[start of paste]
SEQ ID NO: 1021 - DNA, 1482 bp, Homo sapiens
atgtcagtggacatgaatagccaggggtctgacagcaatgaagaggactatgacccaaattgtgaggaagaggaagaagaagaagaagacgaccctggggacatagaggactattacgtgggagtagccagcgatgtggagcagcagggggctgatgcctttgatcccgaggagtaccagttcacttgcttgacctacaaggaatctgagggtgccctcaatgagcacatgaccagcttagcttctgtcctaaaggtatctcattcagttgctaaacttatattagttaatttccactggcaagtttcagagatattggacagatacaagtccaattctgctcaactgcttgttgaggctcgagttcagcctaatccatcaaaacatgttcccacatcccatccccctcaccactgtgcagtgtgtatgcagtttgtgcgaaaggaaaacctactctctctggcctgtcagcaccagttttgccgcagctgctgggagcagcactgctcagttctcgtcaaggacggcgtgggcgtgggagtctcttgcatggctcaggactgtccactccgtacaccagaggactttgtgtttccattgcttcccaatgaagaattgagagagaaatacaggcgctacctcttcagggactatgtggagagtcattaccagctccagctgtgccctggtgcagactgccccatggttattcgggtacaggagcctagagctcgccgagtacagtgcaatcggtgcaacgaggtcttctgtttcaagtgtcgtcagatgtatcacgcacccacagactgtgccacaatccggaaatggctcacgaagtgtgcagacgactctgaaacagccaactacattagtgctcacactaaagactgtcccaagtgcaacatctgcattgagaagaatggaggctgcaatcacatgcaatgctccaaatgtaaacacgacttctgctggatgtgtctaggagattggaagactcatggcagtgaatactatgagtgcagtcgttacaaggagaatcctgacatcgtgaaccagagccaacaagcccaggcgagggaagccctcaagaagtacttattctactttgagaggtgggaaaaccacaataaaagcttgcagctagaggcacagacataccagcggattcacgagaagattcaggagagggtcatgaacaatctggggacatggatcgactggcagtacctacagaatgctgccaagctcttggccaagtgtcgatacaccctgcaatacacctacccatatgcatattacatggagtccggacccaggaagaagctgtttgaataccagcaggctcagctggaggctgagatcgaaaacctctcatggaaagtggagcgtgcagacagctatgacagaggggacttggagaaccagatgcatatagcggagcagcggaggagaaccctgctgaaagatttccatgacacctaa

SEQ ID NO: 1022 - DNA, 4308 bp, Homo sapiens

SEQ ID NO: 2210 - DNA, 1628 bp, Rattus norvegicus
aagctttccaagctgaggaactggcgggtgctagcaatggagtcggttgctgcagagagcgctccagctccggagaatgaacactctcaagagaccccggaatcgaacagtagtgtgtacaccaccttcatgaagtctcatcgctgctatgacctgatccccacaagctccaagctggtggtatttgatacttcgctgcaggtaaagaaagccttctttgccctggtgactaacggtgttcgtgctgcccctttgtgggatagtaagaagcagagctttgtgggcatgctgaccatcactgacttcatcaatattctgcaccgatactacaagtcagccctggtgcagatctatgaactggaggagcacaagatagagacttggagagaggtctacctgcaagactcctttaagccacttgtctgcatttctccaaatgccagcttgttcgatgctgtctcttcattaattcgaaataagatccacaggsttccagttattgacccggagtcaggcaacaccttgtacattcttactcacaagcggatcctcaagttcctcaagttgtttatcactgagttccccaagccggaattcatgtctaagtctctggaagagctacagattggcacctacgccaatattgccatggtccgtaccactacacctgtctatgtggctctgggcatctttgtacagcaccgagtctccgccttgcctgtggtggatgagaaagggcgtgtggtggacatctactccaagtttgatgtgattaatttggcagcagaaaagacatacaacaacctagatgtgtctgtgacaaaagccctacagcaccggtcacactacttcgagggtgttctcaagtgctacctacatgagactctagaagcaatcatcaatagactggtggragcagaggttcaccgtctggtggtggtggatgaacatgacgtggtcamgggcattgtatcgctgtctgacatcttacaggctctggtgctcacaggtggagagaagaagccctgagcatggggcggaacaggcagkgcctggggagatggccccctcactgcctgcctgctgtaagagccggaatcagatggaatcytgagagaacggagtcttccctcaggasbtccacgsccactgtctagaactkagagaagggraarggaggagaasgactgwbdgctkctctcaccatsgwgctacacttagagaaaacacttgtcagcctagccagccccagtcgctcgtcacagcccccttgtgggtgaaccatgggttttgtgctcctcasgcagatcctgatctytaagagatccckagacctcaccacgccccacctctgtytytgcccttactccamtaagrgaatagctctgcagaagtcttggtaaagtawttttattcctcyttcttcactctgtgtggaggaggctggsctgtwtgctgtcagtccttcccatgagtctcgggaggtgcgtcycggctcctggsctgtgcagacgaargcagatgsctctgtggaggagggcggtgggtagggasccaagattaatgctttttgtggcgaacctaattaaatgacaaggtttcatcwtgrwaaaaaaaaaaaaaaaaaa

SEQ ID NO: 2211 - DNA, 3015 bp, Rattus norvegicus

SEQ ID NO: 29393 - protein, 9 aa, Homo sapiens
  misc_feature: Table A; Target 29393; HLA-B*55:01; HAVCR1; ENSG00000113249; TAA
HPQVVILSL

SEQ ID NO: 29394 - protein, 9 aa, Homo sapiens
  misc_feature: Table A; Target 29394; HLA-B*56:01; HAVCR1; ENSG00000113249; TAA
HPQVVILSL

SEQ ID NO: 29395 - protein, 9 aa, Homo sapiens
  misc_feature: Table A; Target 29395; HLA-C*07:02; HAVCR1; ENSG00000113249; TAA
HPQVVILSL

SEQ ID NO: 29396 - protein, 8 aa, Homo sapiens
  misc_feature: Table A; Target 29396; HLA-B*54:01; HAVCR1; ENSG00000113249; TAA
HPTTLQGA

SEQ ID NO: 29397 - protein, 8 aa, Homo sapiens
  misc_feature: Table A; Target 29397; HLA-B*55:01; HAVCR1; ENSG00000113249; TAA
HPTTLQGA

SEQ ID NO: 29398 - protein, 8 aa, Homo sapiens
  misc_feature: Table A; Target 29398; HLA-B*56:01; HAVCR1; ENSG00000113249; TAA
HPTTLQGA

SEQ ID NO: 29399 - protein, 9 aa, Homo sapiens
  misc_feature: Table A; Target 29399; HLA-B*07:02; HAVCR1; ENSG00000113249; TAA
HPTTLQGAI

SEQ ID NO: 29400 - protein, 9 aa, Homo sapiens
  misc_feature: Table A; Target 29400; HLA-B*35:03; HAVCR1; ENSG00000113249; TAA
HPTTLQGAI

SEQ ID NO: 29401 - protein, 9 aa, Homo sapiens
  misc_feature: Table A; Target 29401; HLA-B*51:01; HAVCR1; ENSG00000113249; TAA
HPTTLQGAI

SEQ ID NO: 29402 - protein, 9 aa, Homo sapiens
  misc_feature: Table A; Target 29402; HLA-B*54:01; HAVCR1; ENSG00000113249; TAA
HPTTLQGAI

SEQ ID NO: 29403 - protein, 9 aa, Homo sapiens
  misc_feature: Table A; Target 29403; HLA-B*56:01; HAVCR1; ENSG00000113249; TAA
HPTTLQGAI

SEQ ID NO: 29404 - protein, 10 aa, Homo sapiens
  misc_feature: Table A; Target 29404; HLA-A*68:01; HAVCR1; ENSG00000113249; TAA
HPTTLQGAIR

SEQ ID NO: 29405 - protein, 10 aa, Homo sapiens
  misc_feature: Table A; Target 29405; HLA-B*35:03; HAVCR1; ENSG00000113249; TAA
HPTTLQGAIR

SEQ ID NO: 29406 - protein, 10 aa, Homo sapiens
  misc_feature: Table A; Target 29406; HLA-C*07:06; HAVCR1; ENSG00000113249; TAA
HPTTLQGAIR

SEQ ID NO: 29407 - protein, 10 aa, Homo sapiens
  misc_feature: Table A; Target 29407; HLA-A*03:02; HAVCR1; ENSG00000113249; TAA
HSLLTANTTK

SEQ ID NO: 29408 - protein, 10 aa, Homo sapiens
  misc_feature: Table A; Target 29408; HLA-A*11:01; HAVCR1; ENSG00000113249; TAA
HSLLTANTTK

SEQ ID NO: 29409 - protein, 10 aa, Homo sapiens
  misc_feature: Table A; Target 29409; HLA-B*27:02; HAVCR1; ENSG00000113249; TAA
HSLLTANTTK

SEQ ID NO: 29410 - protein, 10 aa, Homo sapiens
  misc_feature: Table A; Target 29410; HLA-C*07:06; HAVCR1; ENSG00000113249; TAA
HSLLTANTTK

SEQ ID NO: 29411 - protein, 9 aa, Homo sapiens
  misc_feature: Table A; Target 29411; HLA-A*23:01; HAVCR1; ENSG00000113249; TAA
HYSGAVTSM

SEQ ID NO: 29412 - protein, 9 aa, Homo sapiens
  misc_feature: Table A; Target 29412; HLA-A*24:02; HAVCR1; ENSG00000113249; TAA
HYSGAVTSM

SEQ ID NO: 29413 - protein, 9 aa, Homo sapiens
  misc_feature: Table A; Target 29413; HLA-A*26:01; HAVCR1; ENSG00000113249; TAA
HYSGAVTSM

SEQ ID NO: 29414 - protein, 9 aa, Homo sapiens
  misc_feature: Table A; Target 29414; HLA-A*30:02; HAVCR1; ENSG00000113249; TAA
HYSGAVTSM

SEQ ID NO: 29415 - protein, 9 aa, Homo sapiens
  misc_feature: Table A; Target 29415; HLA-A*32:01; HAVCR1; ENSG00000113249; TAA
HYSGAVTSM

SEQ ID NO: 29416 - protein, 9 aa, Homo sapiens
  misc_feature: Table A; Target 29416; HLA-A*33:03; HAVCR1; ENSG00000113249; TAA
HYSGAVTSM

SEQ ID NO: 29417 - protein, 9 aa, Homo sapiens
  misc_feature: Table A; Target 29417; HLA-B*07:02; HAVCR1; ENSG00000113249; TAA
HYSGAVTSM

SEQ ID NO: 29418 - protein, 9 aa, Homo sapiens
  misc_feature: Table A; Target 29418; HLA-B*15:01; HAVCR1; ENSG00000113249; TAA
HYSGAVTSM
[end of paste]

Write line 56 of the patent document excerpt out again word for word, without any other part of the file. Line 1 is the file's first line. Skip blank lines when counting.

  misc_feature: Table A; Target 29409; HLA-B*27:02; HAVCR1; ENSG00000113249; TAA